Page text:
Smart Foal will be closed from the 17th of Feb to the 24th of Feb. No orders will ship during this time. Please order at least 1 month before your mare is due. If you want express post CHOOSE express post during checkout. Do not write express post in order notes and expect it to do anything.

Placenta assessment

Placenta assessment

The full document on placenta assessment, including pictures, is available here: Placenta assessment PDF


After foaling and the passing of your mare’s placenta, the placenta should be checked for completeness and tears. If any placenta remains in the uterus, infection may occur or worse.

  • Lay out in an F shape.
  • Examine the placenta from both sides. It will present in-side out. Examine that side and then turn in the right way.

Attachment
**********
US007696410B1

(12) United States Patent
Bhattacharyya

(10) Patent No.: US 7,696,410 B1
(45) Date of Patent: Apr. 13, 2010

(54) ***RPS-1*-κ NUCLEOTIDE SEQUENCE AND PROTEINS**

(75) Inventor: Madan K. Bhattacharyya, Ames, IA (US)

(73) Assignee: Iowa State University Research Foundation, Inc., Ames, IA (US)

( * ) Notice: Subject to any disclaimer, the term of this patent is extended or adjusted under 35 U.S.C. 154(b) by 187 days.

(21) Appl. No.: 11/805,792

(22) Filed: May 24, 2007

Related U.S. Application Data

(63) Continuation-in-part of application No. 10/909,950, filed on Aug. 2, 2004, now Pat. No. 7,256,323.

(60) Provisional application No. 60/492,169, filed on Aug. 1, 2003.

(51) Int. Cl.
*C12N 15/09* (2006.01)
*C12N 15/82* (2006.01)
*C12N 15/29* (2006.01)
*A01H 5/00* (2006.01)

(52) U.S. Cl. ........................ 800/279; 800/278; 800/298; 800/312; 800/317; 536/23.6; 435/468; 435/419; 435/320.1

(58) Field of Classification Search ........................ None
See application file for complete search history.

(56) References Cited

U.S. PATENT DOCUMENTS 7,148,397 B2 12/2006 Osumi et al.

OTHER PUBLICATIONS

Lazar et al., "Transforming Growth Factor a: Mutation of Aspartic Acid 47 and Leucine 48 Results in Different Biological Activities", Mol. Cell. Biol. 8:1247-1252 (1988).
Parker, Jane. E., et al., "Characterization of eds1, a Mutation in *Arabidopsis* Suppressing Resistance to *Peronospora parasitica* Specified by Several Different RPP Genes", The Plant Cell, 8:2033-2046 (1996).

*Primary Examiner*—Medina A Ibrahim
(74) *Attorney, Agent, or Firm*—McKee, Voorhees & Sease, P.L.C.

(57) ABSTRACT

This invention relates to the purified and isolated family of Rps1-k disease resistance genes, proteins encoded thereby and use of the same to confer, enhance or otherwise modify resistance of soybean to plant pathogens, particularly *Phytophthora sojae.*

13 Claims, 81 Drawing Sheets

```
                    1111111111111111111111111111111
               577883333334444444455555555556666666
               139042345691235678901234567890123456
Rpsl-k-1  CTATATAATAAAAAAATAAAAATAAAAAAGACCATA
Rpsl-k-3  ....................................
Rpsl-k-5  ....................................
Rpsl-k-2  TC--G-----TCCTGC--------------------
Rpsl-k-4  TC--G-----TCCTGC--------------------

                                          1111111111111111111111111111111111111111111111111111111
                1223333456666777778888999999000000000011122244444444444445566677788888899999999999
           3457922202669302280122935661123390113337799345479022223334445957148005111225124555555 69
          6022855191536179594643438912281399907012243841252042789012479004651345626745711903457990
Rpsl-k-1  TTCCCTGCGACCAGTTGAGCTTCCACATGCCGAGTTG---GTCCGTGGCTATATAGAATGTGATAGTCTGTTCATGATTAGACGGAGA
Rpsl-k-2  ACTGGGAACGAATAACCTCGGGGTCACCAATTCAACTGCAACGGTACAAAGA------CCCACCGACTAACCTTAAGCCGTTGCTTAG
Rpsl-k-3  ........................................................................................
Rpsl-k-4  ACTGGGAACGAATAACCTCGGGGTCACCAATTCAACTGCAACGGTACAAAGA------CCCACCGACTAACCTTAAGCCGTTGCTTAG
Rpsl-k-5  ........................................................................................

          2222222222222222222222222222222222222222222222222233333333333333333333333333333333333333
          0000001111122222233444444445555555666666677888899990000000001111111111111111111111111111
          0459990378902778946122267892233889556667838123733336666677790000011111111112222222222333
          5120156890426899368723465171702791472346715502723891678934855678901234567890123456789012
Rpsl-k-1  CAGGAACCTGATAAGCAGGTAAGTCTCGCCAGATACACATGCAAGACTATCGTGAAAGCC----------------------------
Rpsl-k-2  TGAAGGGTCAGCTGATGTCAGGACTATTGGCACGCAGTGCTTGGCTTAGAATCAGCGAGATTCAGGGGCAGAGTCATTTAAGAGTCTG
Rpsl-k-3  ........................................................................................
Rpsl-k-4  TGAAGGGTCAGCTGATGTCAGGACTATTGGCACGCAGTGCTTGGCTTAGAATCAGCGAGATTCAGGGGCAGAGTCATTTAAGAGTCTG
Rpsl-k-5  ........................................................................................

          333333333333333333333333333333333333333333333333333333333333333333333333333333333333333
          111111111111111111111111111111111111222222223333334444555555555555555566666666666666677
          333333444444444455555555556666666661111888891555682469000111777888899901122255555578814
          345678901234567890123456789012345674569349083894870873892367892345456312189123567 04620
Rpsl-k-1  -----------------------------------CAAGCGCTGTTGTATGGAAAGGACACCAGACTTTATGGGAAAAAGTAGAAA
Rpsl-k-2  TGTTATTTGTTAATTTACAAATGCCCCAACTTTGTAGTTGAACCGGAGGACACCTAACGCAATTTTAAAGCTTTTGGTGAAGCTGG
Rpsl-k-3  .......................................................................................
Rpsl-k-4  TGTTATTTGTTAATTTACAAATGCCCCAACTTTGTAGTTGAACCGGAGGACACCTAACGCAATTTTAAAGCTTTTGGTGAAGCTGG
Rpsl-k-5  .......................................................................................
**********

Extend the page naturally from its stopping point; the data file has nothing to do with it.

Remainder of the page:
• The uterus has two horns. The pregnant horn will be longer, thicker and have slightly more fluid. The non-pregnant horn will be shorter and thinner with more folds because it has not been stretched.
  • If a piece is retained it is usually the tip of the non-pregnant horn - but not in all cases.
  • There should be a tear where the foal’s feet ruptured the placenta at the cervix. This is called the cervical star and is located at the body of the placenta.  The umbilical cord should be attached. Note twists, haemorrhage, dilation or bruising in case the foal develops a problem.
  • Check for yellowish/brown meconium staining that indicates foetal stress.
  • Note colour, tears, weight, thickness, haemorrhage or any abnormalities.

If ever concerned keep the placenta for the vet to assess and call your vet immediately. A handy diagram of a healthy placenta and information thanks to the Orange Vet Hospital NSW.